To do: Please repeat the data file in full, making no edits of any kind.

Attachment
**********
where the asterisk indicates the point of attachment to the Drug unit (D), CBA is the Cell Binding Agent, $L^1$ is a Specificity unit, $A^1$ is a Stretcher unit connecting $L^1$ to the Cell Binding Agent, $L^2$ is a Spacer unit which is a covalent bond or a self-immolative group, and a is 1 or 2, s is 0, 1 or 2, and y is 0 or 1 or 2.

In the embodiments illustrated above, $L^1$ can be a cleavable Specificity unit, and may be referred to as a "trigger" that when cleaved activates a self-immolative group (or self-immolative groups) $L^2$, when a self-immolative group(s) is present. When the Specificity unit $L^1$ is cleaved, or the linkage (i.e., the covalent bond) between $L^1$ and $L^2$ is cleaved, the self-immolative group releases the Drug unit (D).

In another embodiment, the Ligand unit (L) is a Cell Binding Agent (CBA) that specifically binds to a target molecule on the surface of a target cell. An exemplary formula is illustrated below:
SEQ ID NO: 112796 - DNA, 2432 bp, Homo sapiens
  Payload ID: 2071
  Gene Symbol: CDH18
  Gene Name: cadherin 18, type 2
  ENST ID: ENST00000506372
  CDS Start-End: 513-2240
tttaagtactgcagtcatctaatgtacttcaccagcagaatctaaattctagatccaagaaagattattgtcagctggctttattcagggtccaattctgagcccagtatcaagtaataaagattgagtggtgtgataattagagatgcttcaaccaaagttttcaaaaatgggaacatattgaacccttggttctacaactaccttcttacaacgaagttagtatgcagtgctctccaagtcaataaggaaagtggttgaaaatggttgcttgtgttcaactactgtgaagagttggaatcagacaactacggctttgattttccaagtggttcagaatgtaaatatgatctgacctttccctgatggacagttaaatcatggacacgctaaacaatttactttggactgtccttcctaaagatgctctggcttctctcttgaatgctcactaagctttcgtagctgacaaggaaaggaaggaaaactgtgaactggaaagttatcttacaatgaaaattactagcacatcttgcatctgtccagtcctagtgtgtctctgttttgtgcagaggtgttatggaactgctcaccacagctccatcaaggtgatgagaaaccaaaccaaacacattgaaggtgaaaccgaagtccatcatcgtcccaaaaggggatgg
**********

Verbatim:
where the asterisk indicates the point of attachment to the Drug unit (D), CBA is the Cell Binding Agent, $L^1$ is a Specificity unit, $A^1$ is a Stretcher unit connecting $L^1$ to the Cell Binding Agent, $L^2$ is a Spacer unit which is a covalent bond or a self-immolative group, and a is 1 or 2, s is 0, 1 or 2, and y is 0 or 1 or 2.

In the embodiments illustrated above, $L^1$ can be a cleavable Specificity unit, and may be referred to as a "trigger" that when cleaved activates a self-immolative group (or self-immolative groups) $L^2$, when a self-immolative group(s) is present. When the Specificity unit $L^1$ is cleaved, or the linkage (i.e., the covalent bond) between $L^1$ and $L^2$ is cleaved, the self-immolative group releases the Drug unit (D).

In another embodiment, the Ligand unit (L) is a Cell Binding Agent (CBA) that specifically binds to a target molecule on the surface of a target cell. An exemplary formula is illustrated below:
SEQ ID NO: 112796 - DNA, 2432 bp, Homo sapiens
  Payload ID: 2071
  Gene Symbol: CDH18
  Gene Name: cadherin 18, type 2
  ENST ID: ENST00000506372
  CDS Start-End: 513-2240
tttaagtactgcagtcatctaatgtacttcaccagcagaatctaaattctagatccaagaaagattattgtcagctggctttattcagggtccaattctgagcccagtatcaagtaataaagattgagtggtgtgataattagagatgcttcaaccaaagttttcaaaaatgggaacatattgaacccttggttctacaactaccttcttacaacgaagttagtatgcagtgctctccaagtcaataaggaaagtggttgaaaatggttgcttgtgttcaactactgtgaagagttggaatcagacaactacggctttgattttccaagtggttcagaatgtaaatatgatctgacctttccctgatggacagttaaatcatggacacgctaaacaatttactttggactgtccttcctaaagatgctctggcttctctcttgaatgctcactaagctttcgtagctgacaaggaaaggaaggaaaactgtgaactggaaagttatcttacaatgaaaattactagcacatcttgcatctgtccagtcctagtgtgtctctgttttgtgcagaggtgttatggaactgctcaccacagctccatcaaggtgatgagaaaccaaaccaaacacattgaaggtgaaaccgaagtccatcatcgtcccaaaaggggatgg